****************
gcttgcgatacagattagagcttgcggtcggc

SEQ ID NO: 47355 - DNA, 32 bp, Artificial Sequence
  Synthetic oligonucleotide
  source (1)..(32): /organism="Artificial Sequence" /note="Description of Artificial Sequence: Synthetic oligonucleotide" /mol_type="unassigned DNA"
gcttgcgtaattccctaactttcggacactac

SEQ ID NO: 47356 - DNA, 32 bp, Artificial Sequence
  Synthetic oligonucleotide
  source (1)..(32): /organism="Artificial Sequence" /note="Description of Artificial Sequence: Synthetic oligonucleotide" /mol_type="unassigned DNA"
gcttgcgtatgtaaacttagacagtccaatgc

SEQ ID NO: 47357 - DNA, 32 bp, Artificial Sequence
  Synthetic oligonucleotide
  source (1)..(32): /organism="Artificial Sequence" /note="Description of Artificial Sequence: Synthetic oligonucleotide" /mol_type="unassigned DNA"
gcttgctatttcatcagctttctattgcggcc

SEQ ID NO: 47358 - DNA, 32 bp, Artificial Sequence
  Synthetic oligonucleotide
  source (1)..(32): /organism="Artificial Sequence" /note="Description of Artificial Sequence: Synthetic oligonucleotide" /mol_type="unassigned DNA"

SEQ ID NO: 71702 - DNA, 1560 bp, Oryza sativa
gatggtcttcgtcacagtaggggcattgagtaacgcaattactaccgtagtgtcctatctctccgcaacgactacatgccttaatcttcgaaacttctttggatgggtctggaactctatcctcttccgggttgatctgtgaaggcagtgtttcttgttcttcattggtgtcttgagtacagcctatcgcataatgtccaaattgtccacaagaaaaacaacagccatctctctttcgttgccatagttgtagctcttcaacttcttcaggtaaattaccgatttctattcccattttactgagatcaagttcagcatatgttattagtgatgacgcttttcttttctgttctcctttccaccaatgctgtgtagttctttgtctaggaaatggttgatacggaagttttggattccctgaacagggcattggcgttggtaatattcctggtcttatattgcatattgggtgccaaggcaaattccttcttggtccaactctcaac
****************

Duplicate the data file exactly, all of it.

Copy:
gcttgcgatacagattagagcttgcggtcggc

SEQ ID NO: 47355 - DNA, 32 bp, Artificial Sequence
  Synthetic oligonucleotide
  source (1)..(32): /organism="Artificial Sequence" /note="Description of Artificial Sequence: Synthetic oligonucleotide" /mol_type="unassigned DNA"
gcttgcgtaattccctaactttcggacactac

SEQ ID NO: 47356 - DNA, 32 bp, Artificial Sequence
  Synthetic oligonucleotide
  source (1)..(32): /organism="Artificial Sequence" /note="Description of Artificial Sequence: Synthetic oligonucleotide" /mol_type="unassigned DNA"
gcttgcgtatgtaaacttagacagtccaatgc

SEQ ID NO: 47357 - DNA, 32 bp, Artificial Sequence
  Synthetic oligonucleotide
  source (1)..(32): /organism="Artificial Sequence" /note="Description of Artificial Sequence: Synthetic oligonucleotide" /mol_type="unassigned DNA"
gcttgctatttcatcagctttctattgcggcc

SEQ ID NO: 47358 - DNA, 32 bp, Artificial Sequence
  Synthetic oligonucleotide
  source (1)..(32): /organism="Artificial Sequence" /note="Description of Artificial Sequence: Synthetic oligonucleotide" /mol_type="unassigned DNA"

SEQ ID NO: 71702 - DNA, 1560 bp, Oryza sativa
gatggtcttcgtcacagtaggggcattgagtaacgcaattactaccgtagtgtcctatctctccgcaacgactacatgccttaatcttcgaaacttctttggatgggtctggaactctatcctcttccgggttgatctgtgaaggcagtgtttcttgttcttcattggtgtcttgagtacagcctatcgcataatgtccaaattgtccacaagaaaaacaacagccatctctctttcgttgccatagttgtagctcttcaacttcttcaggtaaattaccgatttctattcccattttactgagatcaagttcagcatatgttattagtgatgacgcttttcttttctgttctcctttccaccaatgctgtgtagttctttgtctaggaaatggttgatacggaagttttggattccctgaacagggcattggcgttggtaatattcctggtcttatattgcatattgggtgccaaggcaaattccttcttggtccaactctcaac